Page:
Christmas is finally almost here. And we can finally start decorating the house, bake some cookies, visit with family and friends and spread good cheer to all.
My appreciation for Christmas has been a roller coaster ride.
Growing up, Christmas meant presents, stocking, toys, and a big Turkey dinner. It meant bikes, batteries, putting toys together and blinky lights.
We usually found our presents before hand, so the surprise was usually a lesson in Academy-Award-winning acting.
Hell, my brother is the absolute WORST secret keeper. So when he learned Santa wasn’t real at age 7 (I was 5), guess what the first words out of his mouth were Christmas morning as my foot hit the last step and I hadn’t even seen the Christmas tree or presents yet?
“Santa’s not real.”
I was so emotionally distraught. I was 10 parts excited and 100 parts destroyed by the idea my parents, friends and family lied to me for five years of my life.
I remember lying in bed — before learning that dreadful news — on Christmas eve staring at the ceiling waiting for hoofs to prance across our roof. I stared out the window at the moon hoping for Santa to silhouette against the moon.
Perhaps this early awakening to the truth of parents teaching kids about fictional characters planted the seed that helped me drop religion.
Christmas for us was about the presents. And as much as we wanted to think it was about Jesus, our saviors’ birth, it was about the loot and the bragging rights when we got back to school from the Winter break.
I went through a “I hate Christmas” phase in my 20s and early 30s. I’m still not a huge fan. I find it to be an egregiously non-religious religious holiday. You know, it’s the way of the church. There’s unconditional love with conditions. There is all-knowing savior who still needs us to let him know what’s up with prayers, requests and adulation.
Time at home with family meant large levels of stress. It’s still stressful, but I work through that stress with an unhealthily healthy amount of alcohol and repetitions of affirmations.
But I like Christmas again. I like it because it means the days are going to start getting longer. I like it, because it’s time to get some needed respite from an otherwise busy schedule.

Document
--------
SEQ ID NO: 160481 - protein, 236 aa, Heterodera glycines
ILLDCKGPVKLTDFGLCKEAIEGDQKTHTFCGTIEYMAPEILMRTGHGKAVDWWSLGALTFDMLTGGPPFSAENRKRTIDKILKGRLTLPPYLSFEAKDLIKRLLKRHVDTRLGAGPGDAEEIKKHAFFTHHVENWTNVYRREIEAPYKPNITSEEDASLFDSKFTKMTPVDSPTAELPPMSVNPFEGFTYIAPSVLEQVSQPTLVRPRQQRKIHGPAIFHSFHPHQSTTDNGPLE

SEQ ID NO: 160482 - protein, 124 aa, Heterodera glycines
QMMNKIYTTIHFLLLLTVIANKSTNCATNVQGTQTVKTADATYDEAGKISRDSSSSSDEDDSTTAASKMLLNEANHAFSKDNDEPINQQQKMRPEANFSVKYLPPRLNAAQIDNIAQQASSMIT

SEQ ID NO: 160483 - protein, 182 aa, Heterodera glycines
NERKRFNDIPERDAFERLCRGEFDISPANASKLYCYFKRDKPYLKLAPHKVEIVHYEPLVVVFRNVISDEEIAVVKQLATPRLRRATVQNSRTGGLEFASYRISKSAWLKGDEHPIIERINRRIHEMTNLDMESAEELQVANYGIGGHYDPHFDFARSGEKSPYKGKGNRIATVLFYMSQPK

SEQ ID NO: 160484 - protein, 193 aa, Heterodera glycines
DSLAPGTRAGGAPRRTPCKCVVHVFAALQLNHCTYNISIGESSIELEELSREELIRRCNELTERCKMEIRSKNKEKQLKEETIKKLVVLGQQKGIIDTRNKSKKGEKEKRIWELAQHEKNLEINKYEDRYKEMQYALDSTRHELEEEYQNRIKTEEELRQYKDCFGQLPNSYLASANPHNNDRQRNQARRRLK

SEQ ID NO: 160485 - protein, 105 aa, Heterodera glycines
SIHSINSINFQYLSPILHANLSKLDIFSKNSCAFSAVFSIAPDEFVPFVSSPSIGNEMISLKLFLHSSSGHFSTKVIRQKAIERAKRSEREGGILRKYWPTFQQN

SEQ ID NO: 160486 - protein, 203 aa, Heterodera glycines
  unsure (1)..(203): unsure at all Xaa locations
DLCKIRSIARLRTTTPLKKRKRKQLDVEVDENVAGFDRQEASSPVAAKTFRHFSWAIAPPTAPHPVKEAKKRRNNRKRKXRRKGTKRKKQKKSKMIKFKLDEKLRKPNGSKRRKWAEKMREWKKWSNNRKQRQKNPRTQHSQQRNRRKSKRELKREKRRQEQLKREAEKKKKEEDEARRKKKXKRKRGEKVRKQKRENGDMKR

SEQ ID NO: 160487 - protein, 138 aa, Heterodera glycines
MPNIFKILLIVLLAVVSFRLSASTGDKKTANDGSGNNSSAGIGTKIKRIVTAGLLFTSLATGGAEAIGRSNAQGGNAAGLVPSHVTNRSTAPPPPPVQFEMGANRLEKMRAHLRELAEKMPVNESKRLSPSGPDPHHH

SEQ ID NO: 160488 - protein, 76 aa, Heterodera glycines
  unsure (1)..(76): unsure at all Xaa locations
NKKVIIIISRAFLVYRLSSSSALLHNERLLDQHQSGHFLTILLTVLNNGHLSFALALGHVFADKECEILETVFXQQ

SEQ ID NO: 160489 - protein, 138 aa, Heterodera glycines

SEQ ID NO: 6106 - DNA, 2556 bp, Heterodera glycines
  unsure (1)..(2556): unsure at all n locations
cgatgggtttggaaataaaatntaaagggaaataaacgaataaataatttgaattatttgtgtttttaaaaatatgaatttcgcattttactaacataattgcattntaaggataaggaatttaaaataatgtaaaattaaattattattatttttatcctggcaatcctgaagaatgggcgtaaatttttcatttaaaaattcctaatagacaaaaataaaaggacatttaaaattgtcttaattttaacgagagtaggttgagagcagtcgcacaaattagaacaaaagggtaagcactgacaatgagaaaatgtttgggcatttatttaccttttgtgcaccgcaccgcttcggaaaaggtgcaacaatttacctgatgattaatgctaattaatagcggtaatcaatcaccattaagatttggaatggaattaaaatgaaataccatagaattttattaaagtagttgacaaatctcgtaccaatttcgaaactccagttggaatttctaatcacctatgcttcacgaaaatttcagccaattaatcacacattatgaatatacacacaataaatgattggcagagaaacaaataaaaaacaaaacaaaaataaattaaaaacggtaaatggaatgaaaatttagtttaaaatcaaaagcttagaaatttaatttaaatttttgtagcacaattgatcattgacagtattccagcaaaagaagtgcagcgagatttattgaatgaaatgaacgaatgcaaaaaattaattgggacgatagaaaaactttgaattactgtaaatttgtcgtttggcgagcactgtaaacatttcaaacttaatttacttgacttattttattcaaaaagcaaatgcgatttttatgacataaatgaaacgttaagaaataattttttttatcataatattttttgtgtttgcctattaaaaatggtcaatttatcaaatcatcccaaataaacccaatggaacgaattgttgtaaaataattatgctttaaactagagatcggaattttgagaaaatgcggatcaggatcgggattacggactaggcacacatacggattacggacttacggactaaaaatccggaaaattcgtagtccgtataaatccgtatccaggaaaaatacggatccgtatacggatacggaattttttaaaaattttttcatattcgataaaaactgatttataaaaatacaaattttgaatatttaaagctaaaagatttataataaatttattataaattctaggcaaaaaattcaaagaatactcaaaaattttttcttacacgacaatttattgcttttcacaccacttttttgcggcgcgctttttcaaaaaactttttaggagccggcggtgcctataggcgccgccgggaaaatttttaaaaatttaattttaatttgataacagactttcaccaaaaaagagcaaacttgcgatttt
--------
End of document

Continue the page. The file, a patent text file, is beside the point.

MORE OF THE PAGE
I wish there wasn’t a “War on Christmas.” I wish people took accountability for their own attitudes for the holiday. And if someone says “Happy Holidays,” wish them a Merry Christmas and a Happy New Year.
This morning, I read a piece from Dan Savage about his response to Sarah Palin’s book, Good Tidings and Great Joy: Protecting the Heart of Christmas.
And while I loved the writing and how he logically throws down on stupid-ass Sarah Palin, it perpetuates an ugliness. I mean, regardless of how convoluted Sarah Palin’s views are on the mythological “war on Christmas,” we can’t go around expecting it to get better if we keep bashing the hell out of her.
I liked this part in particular:
1. Who holds Christmas in contempt? Who? Where are these people? I’m a secular humanist—there’s an award from the Freedom from Religion Foundation on my mantel just inches from my Christmas tree—and here I am, at home on a Saturday morning, baking Christmas cookies for my family. Not holiday cookies. Christmas cookies. I’ll be taking some across the street to share with my Jewish neighbors later today. They love Christmas. And no one is trying to “save” Christmas from its heritage. We have a crèche for the baby Jesus and strings of lights for the Roman god Saturn. We honor Christmas’s religious heritage—the Christian and non-Christian bits.
But maybe Palin is asking for the ridicule and directed attacks. If we’re to believe that she begins the book talking about how she bought a gun for Todd in the wake of the anti-gun crazy that happened, well, let me let Savage write it:
Page 5: Here I learn something I didn’t know and, if I were Sarah Palin, something I wouldn’t want anyone to know. But Sarah hustles this fact to the front of the book because she sure as hell wants us to know it: Sarah surprised Todd with a “nice, needed, powerful gun” for Christmas in 2012. It was a “small act of civil disobedience,” Palin writes, prompted by “the anti-gun chatter coming from Washington.”
What was inspiring that anti-gun chatter in Washington in December of 2012? Oh, right: Twenty children and six teachers were shot dead in their classrooms by a deranged asshole with a “powerful gun.” And before the grieving mothers and fathers of Newtown, Connecticut, could put their dead children in the ground, Sarah Palin ran out gun shopping. Buying Todd a gun in the wake of the massacre at Sandy Hook Elementary was “fun,” Palin writes—and, again, an act of “civil disobedience.” Because gun nuts are a persecuted minority.
Crazier thing: my family LOVES Palin.
Sarah Palin, that deranged, megalomaniac with absolutely no fucking clue as to what this country is all about, diversity, freedom of speech, freedom of life, love and happiness.
Freedom that we all get to enjoy, including her, Dan Savage, you and me.
We all get to love or hate Christmas. We don’t all have to have the same views of every fucking idea that you hold sacred.
If you’re racist, I can have the view that you suck. If you think women’s rights to vote are what’s wrong in America, I get to have the view that you’re an asshole. If you love guns and shout it from the rooftops, I get to respond. And vice versa.
Freedom of speech includes my freedom to respond.
Freedom to celebrate Christmas is another person’s freedom to not celebrate.
Me? I love Christmas. I’m all for keeping the “Christ” in Christmas. And I hope you do, too. He’s not my savior. He’s not my idea of a cool guy. But if he’s yours, get on it. Love it. Own it. And when you get criticized, bask in the glory that you win in heaven.
I’ll talk more about the details of the studio and this shoot soon. But it was definitely a great time working with a composite idea that Bill has.